And here is number three. Story-wise this one is again less interesting. One of the men from the group had a business rip-off which takes its toll on his health. The rest decides to pay back the competitor.
Willy Bank (Al Pacino) works on a massive and extremely luxury hotel with casino in Las Vegas. Ocean and his men are going to prevent that Bank’s latest is again getting a five diamond rating like his other hotels, steal the diamonds that Bank usually gives to his wife to celebrate another 5 diamond rating and they will make him poor by rigging the casino.
Of course there are some impossible hurdles to pass and an incredible method is come up with as a part of their plan. This time a tunnel will be dug to create an earthquake to shut down security.
With the usual humour, twists and turns in the story and pack of big actors, “Ocean’s Thirteen” is again entertaining, but still the least of the three.
The son of a criminal Indian is kidnapped by an even bigger criminal. A group specialised in such situations is hired to get the kid out.
A fairly thin story is used to make much action. Quite over-the-top too. All the shooting is more like a video-game than an action film. The everybody-against-everybody story is somewhat dull. Then there are a couple of drama scenes that take the film down further.
Somehow I see a lot of Matt Damon films recently. Here he is with no hair again. This time more his usual genre though: action.
Actually this is more of a dystopian scifi. A century from now earth is an overpopulated mess. Rich people have moved to the space station Elysium which resembles earth in better days.
Damon plays a man with a troubled past. After an accident at work he needs to go to Elysium because there are ‘curing machines’ there. With a group of heavy criminals he forges a plan.
The film has a bit of a “Mad Max” atmosphere which is good. The parts with Jody Foster as ruthless minister at Elysium as less strong. There is some annoying drama too and the last 15 minutes are downright awful. A dreary ‘the people you are supposed to sympathize with’ against those you do not.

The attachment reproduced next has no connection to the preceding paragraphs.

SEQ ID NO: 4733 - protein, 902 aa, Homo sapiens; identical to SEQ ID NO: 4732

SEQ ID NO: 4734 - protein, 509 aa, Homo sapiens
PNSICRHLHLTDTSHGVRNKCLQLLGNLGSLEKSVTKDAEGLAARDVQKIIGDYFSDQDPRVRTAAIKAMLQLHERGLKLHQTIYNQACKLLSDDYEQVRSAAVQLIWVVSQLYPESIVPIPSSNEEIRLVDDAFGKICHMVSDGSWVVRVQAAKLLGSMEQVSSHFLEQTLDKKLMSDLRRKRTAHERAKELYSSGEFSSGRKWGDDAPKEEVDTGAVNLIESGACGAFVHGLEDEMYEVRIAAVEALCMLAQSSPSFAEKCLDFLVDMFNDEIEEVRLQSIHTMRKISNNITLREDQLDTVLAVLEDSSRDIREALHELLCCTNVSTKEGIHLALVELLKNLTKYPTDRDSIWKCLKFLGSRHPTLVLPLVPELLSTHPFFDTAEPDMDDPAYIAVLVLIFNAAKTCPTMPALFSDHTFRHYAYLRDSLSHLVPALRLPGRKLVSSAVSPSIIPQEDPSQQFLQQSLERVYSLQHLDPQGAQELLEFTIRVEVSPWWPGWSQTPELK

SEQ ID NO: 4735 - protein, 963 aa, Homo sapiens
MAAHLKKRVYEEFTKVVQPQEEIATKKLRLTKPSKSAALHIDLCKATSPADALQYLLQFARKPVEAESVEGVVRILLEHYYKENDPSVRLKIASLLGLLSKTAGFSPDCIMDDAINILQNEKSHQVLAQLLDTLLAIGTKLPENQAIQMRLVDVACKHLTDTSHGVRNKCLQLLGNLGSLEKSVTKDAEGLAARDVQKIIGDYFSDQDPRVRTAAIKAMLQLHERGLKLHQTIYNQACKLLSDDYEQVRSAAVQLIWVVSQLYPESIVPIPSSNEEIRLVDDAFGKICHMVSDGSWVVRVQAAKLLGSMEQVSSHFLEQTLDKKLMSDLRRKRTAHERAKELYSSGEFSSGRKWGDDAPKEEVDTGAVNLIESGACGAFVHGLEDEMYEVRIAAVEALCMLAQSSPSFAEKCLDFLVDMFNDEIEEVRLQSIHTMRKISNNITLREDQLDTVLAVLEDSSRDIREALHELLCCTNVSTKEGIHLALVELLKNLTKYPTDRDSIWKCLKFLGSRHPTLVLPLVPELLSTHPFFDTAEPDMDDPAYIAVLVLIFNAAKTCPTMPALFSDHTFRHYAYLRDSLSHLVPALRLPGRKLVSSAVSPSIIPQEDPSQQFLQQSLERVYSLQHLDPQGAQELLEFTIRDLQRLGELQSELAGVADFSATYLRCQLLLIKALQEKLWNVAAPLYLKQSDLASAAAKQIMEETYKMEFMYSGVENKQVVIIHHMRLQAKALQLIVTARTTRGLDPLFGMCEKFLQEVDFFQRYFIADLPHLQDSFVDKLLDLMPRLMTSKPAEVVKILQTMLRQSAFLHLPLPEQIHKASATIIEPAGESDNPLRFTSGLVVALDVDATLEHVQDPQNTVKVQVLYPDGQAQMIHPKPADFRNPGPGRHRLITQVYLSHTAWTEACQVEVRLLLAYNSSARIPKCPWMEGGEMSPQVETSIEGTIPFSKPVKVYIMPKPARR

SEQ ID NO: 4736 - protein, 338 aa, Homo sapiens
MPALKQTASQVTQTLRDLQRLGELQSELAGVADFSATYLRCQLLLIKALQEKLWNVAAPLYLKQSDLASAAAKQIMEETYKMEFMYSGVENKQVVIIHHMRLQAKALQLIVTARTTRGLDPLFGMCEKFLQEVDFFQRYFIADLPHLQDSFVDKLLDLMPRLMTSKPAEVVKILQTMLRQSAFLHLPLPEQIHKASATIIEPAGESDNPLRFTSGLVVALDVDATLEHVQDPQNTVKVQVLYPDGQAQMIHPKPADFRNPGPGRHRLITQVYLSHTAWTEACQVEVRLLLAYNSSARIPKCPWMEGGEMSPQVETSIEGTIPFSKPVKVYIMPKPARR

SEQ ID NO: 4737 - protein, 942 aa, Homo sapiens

Spenser (Mark Wahlberg) has too much sense for morality, so he beats up his boss and is sent to prison for five years. As soon as he gets out, he bumps into another quest for which he has to go against the police force, his former colleagues.
“Spenser” is a standard but entertaining Hollywood action film with some humour woven in.
This film had been on my wish list for a while. Zahler made some descent films such as “Dragged Across Concrete” and “Bone Tomahawk“. “Brawl” by and far does not reach the level of these other two though.
Just as the named titles, “Brawl” is a slow crime film that is very violent. Vince Vaughn plays Bradley Thomas who looses his job and starts to run drugs to get a descent income. This of course goes wrong and Bradley lands in prison where his problems grow even bigger.
Bradley has to violently work himself through the containment system to solve problems outside the prison walls. The story is quite unlikely and basically just to hang violent fights on.
A friend was enthousiastic about this film which was an over-the-top action.
Indeed, in the opening scene it is. After some robbery gone wrong, a group has to flee through Paris in a fast car. The scene is fun for a few minutes, but it looks as if it is largely CGI.
Then there appears to be a story. Some rich guy gathers people who allegedly die so they can join his group fighting bad people.
An all-American story unfolds in which bad leaders of bad countries have to be get rid off. This indeed leads to a lot of action and a couple of descent scenes, but overall I found the film pretty dull.
The latest Åkerlund is available on Netflix and he even managed to get Mads Mikkelsen for the leading part and there are more familiar faces.
Mikkelsen plays Duncan Vizla, a contract killer who approaches the age of 50. This means that he can retire, or actually, that he has to. His employer has a business model in which it is better that Vizla is dead though, so he sends a few people after him.
Storywise, “Polar” reminds a bit of “John Wick“, but Åkerlund has made his film both more ‘teen’ and more violent (indeed!). Vizla’s boss and colleagues are hip comic-like youngsters who do not care for a dead more or less (the story is indeed based on a graphic novel). This leads to explicit and very violent scenes. The story has no real surprises and I do not think that was intended. Also known from other Åkerlund films are kaleidoscopic scenes with rapidly changing images, explicit female parts, drugs use, bad language and grim humour.